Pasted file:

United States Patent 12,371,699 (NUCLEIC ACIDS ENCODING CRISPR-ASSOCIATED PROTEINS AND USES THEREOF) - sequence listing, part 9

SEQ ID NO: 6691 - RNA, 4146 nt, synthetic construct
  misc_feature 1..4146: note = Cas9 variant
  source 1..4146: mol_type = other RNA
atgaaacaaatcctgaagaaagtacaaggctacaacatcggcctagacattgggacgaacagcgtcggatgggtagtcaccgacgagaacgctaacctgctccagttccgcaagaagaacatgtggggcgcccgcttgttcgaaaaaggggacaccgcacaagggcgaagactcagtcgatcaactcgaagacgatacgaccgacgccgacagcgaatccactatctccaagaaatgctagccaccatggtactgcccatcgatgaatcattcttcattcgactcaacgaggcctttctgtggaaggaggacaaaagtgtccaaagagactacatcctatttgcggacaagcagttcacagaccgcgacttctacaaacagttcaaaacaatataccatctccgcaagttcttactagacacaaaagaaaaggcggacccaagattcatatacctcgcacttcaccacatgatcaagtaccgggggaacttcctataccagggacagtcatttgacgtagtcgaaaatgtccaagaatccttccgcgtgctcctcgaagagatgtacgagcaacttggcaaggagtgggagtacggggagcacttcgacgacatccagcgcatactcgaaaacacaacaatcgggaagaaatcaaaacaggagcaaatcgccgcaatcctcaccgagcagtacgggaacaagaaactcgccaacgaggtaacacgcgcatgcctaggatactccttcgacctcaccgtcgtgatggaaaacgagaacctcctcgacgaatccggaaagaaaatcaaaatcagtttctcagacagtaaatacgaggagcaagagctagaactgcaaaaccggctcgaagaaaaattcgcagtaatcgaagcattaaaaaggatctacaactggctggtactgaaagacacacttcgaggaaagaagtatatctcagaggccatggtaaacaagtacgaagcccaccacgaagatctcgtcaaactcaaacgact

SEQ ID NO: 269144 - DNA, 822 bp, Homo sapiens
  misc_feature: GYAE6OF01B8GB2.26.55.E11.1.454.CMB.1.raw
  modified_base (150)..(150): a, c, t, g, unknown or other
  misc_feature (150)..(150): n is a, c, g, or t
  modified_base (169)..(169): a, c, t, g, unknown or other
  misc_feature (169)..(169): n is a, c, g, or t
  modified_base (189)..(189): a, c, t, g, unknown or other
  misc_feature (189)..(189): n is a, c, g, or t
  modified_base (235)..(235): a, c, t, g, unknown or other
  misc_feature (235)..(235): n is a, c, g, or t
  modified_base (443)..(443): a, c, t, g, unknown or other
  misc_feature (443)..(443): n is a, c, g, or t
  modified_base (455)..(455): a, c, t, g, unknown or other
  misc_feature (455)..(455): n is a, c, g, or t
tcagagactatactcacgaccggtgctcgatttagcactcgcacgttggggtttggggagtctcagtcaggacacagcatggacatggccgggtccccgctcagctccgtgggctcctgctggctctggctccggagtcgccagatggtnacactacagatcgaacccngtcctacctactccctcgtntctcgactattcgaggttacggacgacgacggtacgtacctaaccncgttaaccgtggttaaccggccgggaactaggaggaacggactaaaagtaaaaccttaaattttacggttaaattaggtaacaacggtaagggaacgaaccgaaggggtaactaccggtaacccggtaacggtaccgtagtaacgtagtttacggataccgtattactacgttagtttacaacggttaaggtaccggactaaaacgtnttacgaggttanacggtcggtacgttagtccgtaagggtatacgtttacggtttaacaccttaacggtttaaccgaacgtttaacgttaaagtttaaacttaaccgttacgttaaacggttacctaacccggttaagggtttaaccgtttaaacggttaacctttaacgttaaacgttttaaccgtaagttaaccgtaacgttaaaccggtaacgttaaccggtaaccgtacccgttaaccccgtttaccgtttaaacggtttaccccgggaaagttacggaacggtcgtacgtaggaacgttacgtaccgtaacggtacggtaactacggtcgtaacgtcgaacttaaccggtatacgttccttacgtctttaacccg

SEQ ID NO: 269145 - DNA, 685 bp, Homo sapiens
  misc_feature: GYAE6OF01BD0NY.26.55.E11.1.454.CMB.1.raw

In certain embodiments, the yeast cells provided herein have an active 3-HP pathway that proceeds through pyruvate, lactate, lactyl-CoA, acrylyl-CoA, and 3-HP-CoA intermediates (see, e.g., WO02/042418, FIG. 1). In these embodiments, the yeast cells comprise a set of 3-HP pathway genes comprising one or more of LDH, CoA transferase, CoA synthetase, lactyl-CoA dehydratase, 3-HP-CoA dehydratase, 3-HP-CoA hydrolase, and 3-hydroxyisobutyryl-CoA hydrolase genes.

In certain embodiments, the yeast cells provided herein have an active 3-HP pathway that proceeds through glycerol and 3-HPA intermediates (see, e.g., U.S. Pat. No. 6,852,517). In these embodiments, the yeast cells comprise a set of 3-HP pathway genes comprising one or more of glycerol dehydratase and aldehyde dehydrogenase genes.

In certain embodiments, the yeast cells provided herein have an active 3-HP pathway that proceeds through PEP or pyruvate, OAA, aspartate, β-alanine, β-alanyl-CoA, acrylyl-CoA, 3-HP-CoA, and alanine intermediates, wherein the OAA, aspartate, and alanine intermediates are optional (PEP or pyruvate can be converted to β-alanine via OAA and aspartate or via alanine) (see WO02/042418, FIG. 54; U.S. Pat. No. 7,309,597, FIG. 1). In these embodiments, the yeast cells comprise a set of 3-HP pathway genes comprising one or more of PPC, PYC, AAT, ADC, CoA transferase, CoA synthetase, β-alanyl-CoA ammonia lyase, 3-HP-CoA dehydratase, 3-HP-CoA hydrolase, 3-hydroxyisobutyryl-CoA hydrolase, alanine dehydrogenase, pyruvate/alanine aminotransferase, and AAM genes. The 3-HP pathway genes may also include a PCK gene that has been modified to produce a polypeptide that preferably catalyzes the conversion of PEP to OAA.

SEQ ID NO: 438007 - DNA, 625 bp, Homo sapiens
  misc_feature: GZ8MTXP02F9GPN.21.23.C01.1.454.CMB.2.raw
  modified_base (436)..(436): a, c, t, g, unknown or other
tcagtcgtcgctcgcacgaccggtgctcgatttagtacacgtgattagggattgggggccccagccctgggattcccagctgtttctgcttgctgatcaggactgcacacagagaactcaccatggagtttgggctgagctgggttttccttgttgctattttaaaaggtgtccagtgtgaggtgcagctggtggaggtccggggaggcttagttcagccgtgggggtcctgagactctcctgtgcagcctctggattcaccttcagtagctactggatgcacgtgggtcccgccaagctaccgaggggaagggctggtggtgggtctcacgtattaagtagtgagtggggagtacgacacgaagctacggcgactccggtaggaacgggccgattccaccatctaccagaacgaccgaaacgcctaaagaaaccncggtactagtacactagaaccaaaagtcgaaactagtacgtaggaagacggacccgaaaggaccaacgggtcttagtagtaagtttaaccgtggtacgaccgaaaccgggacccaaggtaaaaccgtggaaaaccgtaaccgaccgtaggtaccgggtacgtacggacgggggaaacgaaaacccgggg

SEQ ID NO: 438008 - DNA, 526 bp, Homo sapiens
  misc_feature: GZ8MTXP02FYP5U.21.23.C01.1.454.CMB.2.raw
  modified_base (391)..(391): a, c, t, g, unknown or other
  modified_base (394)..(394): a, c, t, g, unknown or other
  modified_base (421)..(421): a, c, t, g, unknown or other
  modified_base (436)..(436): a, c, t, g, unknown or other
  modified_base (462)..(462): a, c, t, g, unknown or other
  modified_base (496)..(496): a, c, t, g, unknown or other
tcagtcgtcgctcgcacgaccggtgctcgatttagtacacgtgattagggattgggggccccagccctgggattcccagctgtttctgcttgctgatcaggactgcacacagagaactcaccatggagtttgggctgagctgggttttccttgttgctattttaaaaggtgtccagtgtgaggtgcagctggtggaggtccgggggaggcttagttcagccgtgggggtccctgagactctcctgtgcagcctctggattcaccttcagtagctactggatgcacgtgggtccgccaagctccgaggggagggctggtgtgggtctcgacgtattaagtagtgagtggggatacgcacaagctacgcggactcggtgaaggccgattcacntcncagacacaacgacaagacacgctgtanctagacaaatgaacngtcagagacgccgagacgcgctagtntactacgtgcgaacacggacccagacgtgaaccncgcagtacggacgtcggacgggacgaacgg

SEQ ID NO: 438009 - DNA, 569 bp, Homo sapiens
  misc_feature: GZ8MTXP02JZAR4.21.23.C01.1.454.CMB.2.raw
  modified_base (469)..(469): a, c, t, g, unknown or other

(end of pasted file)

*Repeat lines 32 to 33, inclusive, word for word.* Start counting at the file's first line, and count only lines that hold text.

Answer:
  modified_base (391)..(391): a, c, t, g, unknown or other
  modified_base (394)..(394): a, c, t, g, unknown or other